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A.K. Bharadwaj, B.A. Cooper, M.A. Thomas; Limited Macular Translocation in Adult-Onset Foveomacular Vitelliform Pattern Dystrophy: A Case Report . Invest. Ophthalmol. Vis. Sci. 2003;44(13):3054.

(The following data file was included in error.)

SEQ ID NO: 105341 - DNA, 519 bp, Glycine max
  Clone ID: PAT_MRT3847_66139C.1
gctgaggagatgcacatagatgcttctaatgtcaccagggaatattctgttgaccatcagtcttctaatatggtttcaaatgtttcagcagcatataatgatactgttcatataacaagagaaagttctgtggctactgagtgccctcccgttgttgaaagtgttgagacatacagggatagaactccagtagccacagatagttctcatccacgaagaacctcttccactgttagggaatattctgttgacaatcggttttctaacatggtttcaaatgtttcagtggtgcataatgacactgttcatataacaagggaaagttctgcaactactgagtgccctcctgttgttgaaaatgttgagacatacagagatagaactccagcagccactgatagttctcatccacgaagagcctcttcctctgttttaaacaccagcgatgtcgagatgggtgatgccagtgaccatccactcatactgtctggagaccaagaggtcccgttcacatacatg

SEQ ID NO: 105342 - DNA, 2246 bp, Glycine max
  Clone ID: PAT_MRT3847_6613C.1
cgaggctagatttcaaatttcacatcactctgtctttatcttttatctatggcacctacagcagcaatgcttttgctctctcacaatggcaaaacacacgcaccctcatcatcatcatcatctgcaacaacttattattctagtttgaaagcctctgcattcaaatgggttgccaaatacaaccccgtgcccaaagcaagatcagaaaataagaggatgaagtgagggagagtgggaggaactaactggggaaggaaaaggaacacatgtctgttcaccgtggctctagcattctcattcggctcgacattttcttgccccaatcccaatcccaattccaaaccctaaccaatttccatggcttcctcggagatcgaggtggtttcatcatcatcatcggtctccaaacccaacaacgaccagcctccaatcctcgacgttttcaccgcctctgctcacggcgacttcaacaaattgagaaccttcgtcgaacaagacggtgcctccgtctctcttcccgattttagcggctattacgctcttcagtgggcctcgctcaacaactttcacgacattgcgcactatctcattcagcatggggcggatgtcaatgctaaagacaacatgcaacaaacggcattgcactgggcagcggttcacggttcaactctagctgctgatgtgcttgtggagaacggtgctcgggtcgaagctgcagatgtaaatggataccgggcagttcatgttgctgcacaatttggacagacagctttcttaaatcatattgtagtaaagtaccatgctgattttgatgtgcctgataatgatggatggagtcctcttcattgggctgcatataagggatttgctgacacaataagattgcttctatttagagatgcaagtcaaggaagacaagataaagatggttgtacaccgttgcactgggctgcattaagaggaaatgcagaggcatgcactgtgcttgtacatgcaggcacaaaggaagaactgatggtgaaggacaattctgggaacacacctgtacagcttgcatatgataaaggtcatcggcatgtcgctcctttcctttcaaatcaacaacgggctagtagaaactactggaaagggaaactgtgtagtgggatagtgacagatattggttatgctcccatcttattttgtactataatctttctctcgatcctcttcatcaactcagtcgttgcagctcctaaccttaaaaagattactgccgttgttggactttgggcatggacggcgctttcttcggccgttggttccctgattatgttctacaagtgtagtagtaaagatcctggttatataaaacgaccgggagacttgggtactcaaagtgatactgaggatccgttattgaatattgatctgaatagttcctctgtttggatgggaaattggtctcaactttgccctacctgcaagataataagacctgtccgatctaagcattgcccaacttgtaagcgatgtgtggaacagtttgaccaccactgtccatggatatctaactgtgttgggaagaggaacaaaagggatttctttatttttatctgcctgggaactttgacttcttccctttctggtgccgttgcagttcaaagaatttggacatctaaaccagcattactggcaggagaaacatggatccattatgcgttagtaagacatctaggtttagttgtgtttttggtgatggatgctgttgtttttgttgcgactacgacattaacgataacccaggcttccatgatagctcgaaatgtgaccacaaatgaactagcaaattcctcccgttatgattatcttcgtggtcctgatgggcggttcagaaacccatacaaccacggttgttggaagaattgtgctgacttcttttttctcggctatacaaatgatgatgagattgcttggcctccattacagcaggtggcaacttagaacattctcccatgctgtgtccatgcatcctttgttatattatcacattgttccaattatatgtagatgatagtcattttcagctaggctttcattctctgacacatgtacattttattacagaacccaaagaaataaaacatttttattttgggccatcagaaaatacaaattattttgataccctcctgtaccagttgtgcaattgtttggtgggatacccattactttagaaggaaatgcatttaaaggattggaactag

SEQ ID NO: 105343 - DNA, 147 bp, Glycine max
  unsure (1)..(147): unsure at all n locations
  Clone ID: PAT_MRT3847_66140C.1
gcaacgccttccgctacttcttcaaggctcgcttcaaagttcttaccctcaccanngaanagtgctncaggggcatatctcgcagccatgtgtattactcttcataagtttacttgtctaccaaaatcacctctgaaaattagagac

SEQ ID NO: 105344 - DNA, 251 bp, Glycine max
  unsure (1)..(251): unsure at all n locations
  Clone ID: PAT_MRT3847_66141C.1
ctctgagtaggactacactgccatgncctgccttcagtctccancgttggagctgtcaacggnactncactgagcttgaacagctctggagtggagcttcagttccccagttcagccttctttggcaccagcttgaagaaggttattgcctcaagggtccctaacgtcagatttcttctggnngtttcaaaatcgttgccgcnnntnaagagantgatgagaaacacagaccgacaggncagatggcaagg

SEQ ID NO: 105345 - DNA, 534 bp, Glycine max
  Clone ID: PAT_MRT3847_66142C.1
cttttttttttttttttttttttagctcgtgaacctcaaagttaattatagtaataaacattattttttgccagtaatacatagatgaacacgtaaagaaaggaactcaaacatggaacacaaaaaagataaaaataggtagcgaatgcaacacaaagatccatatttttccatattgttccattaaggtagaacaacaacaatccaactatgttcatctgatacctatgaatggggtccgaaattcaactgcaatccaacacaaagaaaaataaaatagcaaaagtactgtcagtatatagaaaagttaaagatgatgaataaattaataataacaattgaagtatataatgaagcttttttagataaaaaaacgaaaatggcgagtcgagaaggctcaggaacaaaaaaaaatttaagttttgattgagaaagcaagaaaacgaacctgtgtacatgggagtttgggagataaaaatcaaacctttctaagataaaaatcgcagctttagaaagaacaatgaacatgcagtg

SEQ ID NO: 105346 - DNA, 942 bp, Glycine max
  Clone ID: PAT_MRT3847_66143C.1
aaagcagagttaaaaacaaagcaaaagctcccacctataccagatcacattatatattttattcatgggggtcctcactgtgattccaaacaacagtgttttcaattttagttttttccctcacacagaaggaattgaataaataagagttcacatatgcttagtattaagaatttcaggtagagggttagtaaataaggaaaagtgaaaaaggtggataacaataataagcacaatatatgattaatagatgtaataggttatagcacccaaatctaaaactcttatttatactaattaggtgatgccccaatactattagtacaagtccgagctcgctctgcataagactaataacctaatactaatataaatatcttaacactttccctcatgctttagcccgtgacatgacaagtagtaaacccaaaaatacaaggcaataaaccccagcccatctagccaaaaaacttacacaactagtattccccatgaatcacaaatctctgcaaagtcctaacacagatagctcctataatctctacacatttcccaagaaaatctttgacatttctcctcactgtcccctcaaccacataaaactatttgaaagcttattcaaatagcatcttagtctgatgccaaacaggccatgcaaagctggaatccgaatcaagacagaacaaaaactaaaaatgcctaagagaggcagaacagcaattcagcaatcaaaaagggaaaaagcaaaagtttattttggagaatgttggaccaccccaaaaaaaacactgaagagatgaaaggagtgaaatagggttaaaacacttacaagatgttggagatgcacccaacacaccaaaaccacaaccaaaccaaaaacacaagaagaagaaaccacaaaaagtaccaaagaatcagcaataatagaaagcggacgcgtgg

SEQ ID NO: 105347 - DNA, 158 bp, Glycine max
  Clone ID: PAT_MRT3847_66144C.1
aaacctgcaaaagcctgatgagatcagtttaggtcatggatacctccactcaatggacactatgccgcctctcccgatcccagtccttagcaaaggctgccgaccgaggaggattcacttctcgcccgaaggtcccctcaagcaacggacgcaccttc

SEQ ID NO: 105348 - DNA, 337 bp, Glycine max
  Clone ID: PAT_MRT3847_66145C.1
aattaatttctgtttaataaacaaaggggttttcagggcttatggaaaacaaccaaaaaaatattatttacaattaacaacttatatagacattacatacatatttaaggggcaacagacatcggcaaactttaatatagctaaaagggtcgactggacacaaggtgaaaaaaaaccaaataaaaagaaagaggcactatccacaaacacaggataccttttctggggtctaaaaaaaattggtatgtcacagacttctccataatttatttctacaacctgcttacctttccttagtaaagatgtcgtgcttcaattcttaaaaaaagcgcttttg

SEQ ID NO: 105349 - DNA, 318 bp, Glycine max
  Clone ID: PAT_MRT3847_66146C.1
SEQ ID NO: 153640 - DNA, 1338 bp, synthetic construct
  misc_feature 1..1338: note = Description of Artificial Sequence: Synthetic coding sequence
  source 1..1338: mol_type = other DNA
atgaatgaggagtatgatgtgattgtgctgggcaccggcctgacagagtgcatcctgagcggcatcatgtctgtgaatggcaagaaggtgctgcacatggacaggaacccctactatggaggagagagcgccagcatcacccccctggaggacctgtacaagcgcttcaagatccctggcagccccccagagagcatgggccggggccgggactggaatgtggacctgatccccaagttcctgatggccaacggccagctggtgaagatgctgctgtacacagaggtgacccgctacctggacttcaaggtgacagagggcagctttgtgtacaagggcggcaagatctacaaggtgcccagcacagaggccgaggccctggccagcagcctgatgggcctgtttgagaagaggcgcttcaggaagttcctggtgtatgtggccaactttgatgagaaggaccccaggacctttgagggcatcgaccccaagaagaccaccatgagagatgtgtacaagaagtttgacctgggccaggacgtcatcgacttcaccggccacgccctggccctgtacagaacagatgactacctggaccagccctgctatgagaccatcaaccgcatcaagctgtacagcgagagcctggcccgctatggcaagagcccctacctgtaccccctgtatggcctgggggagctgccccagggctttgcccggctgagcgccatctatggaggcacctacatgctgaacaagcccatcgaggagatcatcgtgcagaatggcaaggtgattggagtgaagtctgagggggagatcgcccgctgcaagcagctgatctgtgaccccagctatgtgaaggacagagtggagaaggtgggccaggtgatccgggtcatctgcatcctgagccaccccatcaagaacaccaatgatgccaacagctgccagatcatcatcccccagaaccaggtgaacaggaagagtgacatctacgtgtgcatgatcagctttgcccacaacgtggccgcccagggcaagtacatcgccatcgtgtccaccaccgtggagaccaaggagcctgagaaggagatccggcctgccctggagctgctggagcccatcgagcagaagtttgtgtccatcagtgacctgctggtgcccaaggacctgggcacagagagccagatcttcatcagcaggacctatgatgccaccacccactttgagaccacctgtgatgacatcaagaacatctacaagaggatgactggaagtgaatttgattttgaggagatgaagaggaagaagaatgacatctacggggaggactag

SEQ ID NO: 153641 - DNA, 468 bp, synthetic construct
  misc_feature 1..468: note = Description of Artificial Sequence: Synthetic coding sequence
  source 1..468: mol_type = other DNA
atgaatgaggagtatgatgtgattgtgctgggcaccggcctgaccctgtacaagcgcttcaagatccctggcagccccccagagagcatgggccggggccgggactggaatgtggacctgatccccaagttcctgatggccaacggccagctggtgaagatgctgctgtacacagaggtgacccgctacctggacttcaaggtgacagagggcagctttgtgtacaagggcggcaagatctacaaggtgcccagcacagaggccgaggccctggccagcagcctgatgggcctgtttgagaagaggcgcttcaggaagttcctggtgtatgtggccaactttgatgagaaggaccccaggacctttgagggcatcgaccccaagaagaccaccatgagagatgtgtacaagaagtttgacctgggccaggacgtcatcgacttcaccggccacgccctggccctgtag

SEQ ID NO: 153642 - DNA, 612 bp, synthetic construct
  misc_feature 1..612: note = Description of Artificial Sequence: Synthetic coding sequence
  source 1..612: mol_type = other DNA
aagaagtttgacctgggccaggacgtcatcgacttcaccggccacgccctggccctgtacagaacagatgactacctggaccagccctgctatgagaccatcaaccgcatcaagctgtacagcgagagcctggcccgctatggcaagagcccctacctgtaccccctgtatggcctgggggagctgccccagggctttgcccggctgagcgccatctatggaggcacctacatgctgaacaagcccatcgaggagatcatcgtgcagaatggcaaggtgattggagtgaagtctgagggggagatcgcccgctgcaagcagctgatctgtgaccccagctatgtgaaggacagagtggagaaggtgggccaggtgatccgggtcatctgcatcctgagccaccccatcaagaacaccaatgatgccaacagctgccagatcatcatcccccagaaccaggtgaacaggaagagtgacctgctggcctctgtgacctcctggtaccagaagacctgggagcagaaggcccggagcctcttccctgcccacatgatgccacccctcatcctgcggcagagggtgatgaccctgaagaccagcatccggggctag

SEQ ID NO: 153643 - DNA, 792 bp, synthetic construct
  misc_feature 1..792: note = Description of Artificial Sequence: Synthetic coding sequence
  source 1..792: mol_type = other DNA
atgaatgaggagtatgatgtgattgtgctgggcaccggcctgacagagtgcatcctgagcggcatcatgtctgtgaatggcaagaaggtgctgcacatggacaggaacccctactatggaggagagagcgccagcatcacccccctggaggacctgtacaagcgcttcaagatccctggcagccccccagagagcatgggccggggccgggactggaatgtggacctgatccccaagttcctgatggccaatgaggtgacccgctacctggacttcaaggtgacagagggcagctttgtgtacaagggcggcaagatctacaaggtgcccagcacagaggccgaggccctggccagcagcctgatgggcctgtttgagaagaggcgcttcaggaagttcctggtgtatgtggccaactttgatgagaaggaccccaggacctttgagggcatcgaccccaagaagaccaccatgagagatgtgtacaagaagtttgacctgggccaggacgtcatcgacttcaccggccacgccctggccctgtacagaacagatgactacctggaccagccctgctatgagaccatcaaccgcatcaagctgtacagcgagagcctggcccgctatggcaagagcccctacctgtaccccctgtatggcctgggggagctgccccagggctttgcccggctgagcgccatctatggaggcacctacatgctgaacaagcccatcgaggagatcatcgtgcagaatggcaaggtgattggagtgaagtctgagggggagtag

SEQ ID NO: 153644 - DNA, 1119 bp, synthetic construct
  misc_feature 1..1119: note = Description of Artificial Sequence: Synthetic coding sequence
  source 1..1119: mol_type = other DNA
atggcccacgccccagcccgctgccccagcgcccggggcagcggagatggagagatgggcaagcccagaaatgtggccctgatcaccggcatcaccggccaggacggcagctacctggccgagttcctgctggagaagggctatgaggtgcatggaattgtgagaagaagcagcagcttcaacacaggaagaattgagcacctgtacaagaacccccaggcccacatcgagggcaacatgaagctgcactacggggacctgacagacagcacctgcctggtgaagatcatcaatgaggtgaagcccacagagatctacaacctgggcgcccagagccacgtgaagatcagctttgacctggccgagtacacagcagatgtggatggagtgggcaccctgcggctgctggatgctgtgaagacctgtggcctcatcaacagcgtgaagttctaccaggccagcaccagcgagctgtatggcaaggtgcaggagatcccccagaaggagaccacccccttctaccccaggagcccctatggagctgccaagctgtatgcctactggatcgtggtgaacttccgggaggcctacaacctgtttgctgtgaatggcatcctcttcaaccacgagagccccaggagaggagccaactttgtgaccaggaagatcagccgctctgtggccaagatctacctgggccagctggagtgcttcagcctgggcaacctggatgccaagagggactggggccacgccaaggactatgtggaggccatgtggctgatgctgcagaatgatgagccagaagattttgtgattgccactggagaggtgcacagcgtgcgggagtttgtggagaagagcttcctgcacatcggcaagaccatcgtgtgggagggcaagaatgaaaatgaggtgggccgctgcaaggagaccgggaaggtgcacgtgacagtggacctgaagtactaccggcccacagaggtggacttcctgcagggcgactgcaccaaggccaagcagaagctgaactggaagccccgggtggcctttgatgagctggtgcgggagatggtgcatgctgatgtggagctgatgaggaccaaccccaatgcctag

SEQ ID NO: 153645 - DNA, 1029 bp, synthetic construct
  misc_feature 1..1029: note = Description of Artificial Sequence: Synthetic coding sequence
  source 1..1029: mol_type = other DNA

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Purpose: To report a case of adult-onset foveomacular vitelliform pattern dystrophy managed with limited macular translocation (LMT). Methods: A retrospective review of the patient's history, surgical intervention, and postoperative course Results: A 48-year-old male presented with a 10-year history of progressive visual disturbance left eye worse than the right eye. The patient reported a cousin with similar visual dysfunction. The patient presented with a Snellen corrected acuity of OD 20/40, OS 20/70+1. There was minimal lens opacity, and the fundi showed 1/3 disc diameter yellowish lesions OU with surrounding mild hyperpigmentation. There was less yellow material and a reddish line along the nasal aspect of the pigmented part of the lesion. Fluorescein angiography (FA) showed window-defect type hyperfluorescence OS>OD; there was no evidence of neovascularization. The patient felt his visual acuity continued to deteriorate OS>OD over the ensuing months. At 14 months after presentation, ETDRS-style best-corrected visual acuity was OD 20/25, OS 20/30. Over the next three months, ETDRS acuity fell to OD 20/40, OS 20/62. This type of dystrophy has been associated with abnormalities of the retinal pigment epithelium (RPE) which are limited to the subfoveolar RPE. We speculated that LMT might stabilize visual acuity by repositioning foveal photoreceptors over adjacent healthy RPE. After IRB approval and patient consent, LMT procedure was performed on the left eye with superotemporal scleral infolding. Surgery displaced the fovea approximately 500 microns inferior to the focal atrophic RPE lesion. At last follow up, 12 months following LMT, ETDRS visual acuity in the left eye was 20/50. Foveal fixation on the left was stable inferior to the focal atrophic RPE lesion. Conclusion: LMT was associated with stable or slightly improved visual acuity at 12 month follow up despite documented decline of visual acuity in the three months prior to surgery.
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